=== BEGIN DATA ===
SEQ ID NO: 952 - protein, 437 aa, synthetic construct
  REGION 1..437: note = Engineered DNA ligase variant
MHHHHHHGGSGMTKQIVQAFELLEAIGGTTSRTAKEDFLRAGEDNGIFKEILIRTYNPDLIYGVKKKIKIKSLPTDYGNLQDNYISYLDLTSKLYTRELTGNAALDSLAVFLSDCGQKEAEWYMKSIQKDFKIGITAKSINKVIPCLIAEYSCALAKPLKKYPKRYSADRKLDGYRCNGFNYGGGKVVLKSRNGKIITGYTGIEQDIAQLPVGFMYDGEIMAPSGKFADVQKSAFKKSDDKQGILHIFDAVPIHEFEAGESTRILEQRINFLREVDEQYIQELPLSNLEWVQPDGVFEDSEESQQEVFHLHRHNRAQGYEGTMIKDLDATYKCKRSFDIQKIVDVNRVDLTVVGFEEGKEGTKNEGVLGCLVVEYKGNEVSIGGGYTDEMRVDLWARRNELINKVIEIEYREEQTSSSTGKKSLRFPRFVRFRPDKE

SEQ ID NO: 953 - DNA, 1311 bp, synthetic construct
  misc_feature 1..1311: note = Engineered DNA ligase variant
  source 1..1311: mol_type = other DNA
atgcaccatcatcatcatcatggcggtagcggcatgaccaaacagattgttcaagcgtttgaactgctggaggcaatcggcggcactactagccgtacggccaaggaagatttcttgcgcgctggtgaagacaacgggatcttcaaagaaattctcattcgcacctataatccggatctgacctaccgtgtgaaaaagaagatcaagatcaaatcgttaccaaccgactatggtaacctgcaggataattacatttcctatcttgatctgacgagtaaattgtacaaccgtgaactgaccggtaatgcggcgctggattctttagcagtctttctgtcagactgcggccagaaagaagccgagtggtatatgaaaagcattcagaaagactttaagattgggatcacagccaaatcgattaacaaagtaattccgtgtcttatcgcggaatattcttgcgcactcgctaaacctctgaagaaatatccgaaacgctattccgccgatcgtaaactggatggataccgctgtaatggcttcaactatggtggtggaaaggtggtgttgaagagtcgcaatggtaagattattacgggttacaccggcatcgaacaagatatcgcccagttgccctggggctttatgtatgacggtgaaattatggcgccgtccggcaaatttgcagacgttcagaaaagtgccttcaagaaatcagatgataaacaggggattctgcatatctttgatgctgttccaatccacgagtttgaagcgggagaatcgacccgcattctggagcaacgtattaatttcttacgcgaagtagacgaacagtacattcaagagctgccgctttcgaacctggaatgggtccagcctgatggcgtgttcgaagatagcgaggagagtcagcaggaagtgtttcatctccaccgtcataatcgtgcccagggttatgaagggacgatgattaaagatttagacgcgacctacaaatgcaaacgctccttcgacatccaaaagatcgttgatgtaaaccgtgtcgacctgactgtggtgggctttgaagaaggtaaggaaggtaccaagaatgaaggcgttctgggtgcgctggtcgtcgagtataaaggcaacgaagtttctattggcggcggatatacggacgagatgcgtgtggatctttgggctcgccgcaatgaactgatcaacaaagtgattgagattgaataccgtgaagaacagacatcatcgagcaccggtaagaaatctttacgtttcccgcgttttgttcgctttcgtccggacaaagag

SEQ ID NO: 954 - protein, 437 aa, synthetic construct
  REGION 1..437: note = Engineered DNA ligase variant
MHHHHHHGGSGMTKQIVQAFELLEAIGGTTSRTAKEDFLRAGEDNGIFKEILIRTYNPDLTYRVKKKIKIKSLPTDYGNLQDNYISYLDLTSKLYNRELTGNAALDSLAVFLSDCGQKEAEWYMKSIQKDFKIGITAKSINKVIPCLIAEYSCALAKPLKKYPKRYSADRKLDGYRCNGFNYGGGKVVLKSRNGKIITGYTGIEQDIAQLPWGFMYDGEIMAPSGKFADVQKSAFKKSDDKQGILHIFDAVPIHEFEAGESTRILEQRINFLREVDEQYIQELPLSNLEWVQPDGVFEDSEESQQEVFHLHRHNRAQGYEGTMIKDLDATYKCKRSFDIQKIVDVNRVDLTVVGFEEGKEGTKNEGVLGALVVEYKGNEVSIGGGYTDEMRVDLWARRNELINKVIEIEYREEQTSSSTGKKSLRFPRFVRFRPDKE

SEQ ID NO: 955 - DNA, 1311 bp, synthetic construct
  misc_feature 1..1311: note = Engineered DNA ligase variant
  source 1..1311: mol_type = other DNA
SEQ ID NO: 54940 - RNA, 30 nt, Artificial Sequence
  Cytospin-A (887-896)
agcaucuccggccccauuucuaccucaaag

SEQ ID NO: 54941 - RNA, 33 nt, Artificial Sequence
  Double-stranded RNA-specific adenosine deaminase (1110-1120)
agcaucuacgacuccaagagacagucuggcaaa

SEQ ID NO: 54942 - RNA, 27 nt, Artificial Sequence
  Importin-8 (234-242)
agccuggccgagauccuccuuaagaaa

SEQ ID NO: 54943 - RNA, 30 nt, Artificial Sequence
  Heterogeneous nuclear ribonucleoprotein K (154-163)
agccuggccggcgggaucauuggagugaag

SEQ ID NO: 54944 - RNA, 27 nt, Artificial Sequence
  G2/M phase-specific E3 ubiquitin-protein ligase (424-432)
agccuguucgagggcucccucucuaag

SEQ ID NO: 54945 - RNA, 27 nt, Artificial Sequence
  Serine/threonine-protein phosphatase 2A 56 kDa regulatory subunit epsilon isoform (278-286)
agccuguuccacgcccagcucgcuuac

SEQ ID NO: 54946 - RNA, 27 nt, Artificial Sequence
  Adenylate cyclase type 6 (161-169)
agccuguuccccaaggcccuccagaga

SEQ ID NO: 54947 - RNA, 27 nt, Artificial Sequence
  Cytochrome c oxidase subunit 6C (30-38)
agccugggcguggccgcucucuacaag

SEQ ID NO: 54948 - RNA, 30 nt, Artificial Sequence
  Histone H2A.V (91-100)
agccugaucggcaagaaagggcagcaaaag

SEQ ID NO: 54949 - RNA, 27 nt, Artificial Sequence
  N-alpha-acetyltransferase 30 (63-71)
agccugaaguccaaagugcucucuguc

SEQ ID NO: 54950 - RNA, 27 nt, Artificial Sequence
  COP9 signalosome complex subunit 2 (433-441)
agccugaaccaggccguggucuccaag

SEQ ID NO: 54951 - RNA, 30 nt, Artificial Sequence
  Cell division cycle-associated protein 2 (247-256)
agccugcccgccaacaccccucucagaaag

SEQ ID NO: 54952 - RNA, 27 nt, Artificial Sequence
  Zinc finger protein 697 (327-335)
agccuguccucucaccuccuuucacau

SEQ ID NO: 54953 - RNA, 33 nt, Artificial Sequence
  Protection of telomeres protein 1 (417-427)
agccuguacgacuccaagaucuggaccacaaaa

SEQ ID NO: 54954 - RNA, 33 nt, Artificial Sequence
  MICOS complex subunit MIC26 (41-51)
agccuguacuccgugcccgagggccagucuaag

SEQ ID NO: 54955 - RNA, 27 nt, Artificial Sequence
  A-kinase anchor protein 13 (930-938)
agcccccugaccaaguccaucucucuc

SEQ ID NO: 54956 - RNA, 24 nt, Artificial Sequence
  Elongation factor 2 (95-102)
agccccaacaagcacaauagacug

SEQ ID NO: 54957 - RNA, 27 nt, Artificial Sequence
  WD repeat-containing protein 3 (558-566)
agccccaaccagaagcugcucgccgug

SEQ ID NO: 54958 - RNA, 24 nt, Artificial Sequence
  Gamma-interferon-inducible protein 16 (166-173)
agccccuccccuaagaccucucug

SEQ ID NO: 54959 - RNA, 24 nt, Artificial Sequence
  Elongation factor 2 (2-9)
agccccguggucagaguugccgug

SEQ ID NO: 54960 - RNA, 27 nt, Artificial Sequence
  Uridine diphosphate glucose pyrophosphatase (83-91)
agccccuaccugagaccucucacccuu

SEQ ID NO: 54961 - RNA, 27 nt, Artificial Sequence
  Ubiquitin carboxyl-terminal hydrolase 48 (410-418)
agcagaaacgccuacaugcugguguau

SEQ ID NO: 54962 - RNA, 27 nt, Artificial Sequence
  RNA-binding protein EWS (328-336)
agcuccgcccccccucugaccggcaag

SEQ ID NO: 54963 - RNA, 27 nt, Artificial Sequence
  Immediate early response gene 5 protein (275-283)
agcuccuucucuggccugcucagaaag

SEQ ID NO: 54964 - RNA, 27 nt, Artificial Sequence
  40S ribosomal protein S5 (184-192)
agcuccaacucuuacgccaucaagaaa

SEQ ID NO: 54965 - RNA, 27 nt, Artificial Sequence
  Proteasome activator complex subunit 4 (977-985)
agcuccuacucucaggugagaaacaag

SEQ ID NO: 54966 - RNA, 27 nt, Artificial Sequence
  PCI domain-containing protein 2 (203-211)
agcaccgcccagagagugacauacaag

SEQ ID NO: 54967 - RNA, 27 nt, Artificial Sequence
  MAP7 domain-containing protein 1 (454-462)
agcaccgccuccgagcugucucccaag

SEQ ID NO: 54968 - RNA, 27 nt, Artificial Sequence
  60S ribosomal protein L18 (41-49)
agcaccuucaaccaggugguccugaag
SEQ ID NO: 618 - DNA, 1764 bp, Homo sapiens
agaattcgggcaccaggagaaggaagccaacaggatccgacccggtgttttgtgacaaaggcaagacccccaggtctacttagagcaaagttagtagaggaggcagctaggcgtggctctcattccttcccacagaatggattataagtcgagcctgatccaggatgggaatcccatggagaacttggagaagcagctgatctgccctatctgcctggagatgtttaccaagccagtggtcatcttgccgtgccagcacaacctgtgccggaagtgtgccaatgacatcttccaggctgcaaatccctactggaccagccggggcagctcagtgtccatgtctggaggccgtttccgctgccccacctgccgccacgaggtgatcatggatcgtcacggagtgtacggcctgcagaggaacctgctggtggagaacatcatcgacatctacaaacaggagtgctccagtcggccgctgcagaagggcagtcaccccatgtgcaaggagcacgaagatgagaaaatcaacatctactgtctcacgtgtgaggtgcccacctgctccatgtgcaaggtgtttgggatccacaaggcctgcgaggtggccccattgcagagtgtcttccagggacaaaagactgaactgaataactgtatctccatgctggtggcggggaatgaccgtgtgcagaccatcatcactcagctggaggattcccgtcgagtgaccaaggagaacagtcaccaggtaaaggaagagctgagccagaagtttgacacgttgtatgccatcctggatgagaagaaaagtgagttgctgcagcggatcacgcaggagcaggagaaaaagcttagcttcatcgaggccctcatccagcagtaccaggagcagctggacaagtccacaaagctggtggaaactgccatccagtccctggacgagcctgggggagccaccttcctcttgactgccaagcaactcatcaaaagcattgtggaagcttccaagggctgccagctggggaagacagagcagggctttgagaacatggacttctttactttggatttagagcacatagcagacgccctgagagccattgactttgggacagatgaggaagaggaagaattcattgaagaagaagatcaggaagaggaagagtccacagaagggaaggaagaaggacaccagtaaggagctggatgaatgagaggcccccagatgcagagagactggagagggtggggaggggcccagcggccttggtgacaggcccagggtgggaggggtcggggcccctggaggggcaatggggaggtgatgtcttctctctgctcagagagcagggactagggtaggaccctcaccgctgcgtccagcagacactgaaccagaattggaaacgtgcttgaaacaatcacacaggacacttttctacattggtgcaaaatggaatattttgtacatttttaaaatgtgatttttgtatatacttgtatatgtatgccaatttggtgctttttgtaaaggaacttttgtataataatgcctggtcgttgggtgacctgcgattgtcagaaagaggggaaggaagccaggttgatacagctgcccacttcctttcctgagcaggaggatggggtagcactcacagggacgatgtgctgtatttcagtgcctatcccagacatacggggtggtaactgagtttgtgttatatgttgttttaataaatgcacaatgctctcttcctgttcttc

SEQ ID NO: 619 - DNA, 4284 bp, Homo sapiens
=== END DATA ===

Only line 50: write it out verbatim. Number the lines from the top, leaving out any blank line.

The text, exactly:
SEQ ID NO: 54952 - RNA, 27 nt, Artificial Sequence